The U.K. Supreme Court ruled this month that principals of agents who receive bribes or secret commissions have a proprietary claim to any such ill-gotten gains received by their agents.
The question before the court was whether secret commissions or bribes received by an agent is held “on trust” for the principal of that agent, or whether the principal merely has a claim for equitable compensation in a sum equal to the value of the bribe or commission.
If the bribe or commission is held on trust, the principal has a proprietary claim to any undisclosed amounts. Thus, in the event the agent goes bankrupt, the principal has a proprietary claim to any repayments ahead of other creditors, and a better chance at recovering ill-gotten gains.
The case, FHR European Ventures v Cedar Capital Partners, arose from a lawsuit filed in 2009 by FHR European Ventures (FHR), a group of investors, against Cedar Capital Partners, a consultancy firm that served as FHR’s agent in negotiating the purchase of the Monte Carlo Grand Hotel in 2004 for €211.5 million. Cedar, however, also had entered into an “exclusive brokerage agreement” with the sellers of the hotel, under which it received a €10 million commission following conclusion of the sale.
In its lawsuit, FHR claimed that Cedar breached its fiduciary duty by failing to disclose the brokerage agreement, and sought to recover the €10 million fee. A lower court judge ruled that Cedar breached its fiduciary duty and ordered it to pay the €10 million fee, but refused to grant FHR a proprietary remedy with respect to the fee.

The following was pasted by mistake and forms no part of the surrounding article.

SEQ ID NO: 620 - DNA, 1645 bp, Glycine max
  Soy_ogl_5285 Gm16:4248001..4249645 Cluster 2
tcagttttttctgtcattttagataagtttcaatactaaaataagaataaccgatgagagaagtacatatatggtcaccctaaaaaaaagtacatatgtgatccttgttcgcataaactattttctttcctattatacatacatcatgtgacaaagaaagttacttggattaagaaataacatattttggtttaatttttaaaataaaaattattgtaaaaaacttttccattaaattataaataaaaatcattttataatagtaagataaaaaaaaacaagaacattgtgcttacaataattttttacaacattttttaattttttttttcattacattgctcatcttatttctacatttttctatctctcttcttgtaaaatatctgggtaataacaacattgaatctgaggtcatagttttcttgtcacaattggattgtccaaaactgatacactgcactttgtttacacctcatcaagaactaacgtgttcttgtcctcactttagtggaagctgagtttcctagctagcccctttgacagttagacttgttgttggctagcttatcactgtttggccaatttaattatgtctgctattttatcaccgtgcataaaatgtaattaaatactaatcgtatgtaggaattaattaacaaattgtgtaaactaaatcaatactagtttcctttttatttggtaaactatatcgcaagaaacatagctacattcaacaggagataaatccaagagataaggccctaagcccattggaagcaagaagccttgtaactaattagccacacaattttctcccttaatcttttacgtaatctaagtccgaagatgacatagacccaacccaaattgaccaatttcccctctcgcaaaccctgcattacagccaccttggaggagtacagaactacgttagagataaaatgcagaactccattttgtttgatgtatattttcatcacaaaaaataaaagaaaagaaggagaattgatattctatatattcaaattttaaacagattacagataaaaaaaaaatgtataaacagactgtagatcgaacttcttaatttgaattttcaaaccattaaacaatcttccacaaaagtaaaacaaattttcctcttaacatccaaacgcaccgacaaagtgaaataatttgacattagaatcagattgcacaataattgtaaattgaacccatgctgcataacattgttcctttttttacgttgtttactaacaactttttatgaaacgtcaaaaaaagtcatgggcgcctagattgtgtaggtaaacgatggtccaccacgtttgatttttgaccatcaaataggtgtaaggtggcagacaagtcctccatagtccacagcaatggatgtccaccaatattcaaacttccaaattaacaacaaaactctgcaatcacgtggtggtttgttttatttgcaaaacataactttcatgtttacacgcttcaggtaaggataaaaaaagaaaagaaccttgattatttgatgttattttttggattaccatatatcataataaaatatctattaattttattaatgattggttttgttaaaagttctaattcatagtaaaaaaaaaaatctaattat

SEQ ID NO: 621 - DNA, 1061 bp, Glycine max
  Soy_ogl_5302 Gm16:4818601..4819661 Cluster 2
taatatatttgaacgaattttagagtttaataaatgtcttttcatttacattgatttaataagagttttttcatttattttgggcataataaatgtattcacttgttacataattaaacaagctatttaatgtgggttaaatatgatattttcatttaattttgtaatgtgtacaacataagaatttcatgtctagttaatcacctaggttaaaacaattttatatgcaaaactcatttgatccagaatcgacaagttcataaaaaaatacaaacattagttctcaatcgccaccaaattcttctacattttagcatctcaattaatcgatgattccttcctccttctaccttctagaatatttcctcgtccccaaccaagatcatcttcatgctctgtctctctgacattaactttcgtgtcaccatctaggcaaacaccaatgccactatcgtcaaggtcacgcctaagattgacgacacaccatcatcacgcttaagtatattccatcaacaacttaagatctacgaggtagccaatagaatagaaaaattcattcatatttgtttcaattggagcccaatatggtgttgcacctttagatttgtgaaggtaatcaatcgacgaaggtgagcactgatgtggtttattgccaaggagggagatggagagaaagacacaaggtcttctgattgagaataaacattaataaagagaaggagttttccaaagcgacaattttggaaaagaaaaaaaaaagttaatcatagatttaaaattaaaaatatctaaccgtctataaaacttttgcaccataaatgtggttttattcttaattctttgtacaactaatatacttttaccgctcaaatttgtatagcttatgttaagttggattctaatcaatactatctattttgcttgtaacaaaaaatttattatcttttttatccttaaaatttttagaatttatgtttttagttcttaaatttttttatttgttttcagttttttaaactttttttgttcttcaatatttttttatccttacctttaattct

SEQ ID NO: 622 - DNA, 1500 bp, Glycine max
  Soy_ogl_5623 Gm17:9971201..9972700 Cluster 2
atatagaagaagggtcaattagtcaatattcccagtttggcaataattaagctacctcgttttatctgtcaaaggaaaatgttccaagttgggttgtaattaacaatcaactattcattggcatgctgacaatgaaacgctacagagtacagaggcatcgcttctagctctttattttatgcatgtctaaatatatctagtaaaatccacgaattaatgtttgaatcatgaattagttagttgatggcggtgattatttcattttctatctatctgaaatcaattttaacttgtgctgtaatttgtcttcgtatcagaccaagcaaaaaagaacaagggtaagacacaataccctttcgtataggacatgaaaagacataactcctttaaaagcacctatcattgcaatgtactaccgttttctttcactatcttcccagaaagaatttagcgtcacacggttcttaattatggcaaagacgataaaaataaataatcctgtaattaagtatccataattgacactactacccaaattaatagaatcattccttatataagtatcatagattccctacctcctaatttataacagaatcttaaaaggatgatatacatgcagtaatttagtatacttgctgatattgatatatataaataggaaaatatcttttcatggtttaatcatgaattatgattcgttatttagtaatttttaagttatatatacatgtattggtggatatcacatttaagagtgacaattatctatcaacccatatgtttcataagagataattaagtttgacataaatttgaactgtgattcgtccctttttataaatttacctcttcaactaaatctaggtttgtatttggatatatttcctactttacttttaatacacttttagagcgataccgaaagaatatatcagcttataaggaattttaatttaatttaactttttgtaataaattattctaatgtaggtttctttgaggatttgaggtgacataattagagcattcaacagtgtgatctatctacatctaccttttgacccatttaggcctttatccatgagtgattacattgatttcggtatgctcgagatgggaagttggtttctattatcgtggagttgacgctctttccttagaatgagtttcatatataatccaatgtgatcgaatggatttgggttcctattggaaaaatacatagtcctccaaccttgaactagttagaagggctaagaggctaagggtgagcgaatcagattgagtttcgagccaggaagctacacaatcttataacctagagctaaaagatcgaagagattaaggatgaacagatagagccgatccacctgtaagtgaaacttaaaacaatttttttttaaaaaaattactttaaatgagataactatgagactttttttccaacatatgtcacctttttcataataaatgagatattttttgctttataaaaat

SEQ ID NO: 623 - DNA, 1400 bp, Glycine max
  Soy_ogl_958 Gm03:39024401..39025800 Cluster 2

The Court of Appeal, however, ruled that Cedar received the €10 million commission “on trust,” and the U.K. Supreme Court, in a July 16 ruling, agreed. “The position adopted by [FHR], namely that the rule applies to all unauthorized benefits which an agent receives, is consistent with the fundamental principles of the law of agency,” Lord David Neuberger wrote for the court.
“The agent owes a duty of undivided loyalty to the principal, unless the latter has given his informed consent to some less demanding standard of duty,” Lord Neuberger wrote. “The principal is thus entitled to the entire benefit of the agent’s acts in the course of his agency.”
The court further concluded that a bribe or secret commission paid to an agent constitutes the same type of benefit as a secret profit generated on a transaction in which the agent is acting on behalf of its principal. “The notion that the rule should not apply to a bribe or secret commission received by an agent because it could not have been received by, or on behalf of, the principal seems unattractive,” Lord Neuberger wrote. “The whole reason that the agent should not have accepted the bribe or commission is that it puts him in conflict with his duty to his principal. Further, in terms of elementary economics, there must be a strong possibility that the bribe has disadvantaged the principal.”
The court further reasoned that “wider policy considerations” support the court’s logic. “Concern about bribery and corruption generally has never been greater than it is now,” Lord Neuberger wrote. “Accordingly, one would expect the law to be particularly stringent in relation to a claim against an agent who has received a bribe or secret commission.”
Anti-corruption experts warn that the ruling may not apply under all circumstances, such as in the event of a criminal investigation. If a company faces prosecution under the Bribery Act for failure to prevent bribery, for example, it may first have to show that it had adequate procedures in place designed to prevent the bribery.